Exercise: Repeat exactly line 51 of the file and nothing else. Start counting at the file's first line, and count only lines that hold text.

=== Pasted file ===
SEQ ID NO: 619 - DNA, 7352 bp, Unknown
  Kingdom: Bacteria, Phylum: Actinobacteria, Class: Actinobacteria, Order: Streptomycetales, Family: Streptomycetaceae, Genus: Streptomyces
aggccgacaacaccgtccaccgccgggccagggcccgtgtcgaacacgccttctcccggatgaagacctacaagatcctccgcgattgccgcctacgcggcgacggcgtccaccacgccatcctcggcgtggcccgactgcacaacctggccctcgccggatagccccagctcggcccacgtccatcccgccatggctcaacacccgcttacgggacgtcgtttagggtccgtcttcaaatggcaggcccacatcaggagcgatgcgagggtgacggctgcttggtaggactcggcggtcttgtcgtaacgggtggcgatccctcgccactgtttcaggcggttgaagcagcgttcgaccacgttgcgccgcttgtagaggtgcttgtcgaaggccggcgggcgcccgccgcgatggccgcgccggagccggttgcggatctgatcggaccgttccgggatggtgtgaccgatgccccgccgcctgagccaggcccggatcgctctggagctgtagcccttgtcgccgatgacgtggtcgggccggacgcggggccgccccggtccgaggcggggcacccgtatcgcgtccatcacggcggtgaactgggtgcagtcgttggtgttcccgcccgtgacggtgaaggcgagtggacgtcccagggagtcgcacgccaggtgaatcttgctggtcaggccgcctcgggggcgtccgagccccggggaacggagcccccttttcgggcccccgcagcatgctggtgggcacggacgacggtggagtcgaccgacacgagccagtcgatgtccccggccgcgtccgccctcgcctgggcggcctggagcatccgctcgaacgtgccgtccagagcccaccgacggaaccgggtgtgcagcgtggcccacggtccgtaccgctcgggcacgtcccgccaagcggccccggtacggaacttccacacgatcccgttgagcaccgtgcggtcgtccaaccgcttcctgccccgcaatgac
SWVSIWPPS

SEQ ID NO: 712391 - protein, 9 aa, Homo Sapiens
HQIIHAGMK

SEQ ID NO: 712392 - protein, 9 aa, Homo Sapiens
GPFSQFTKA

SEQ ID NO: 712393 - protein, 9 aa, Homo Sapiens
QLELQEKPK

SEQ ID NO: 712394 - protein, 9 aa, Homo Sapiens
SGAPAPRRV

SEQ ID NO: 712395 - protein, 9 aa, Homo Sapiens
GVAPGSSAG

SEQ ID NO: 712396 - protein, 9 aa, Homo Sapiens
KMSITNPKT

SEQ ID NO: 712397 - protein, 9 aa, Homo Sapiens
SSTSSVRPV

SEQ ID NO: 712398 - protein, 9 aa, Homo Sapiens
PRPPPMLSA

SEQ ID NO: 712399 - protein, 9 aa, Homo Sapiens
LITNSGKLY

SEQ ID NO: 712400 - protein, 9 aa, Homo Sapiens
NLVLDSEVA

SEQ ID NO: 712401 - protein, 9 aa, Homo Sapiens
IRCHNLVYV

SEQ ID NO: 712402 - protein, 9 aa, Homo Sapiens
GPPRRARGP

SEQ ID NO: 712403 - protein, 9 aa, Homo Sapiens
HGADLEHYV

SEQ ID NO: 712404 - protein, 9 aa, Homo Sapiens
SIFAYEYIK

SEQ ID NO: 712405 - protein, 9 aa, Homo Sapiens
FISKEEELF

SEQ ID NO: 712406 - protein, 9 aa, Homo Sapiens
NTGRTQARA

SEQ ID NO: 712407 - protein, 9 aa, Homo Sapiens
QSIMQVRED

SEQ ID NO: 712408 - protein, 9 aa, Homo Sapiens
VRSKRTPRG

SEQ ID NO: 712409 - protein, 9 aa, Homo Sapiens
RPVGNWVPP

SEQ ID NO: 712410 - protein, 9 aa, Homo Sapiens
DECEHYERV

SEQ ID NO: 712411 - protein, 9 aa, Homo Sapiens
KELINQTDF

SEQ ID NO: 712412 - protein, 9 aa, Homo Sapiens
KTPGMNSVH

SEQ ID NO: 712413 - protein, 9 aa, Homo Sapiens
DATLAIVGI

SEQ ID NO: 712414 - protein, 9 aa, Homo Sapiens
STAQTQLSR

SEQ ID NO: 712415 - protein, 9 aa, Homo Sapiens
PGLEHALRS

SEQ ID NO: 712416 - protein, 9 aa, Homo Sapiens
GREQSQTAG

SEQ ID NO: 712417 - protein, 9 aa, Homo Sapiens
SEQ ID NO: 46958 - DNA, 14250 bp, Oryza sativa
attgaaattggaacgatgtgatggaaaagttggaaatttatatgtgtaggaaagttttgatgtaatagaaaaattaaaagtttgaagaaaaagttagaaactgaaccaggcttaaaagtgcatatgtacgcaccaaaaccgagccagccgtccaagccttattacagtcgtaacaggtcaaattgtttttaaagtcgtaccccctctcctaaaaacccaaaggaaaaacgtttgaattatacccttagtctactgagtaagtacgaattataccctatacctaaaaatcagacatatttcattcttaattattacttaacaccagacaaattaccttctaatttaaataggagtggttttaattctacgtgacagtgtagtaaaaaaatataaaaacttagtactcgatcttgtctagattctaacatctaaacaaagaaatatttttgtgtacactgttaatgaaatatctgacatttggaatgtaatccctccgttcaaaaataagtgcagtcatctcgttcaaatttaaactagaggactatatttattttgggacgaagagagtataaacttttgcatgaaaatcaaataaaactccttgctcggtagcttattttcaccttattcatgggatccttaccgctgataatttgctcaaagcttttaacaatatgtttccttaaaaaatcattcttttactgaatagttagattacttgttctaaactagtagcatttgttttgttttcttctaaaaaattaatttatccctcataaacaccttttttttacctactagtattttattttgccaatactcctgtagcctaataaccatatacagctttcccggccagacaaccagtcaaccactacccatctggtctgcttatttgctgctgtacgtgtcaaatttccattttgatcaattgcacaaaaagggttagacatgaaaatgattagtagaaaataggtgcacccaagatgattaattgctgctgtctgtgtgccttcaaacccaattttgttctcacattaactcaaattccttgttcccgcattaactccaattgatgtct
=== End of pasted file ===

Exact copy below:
SEQ ID NO: 712414 - protein, 9 aa, Homo Sapiens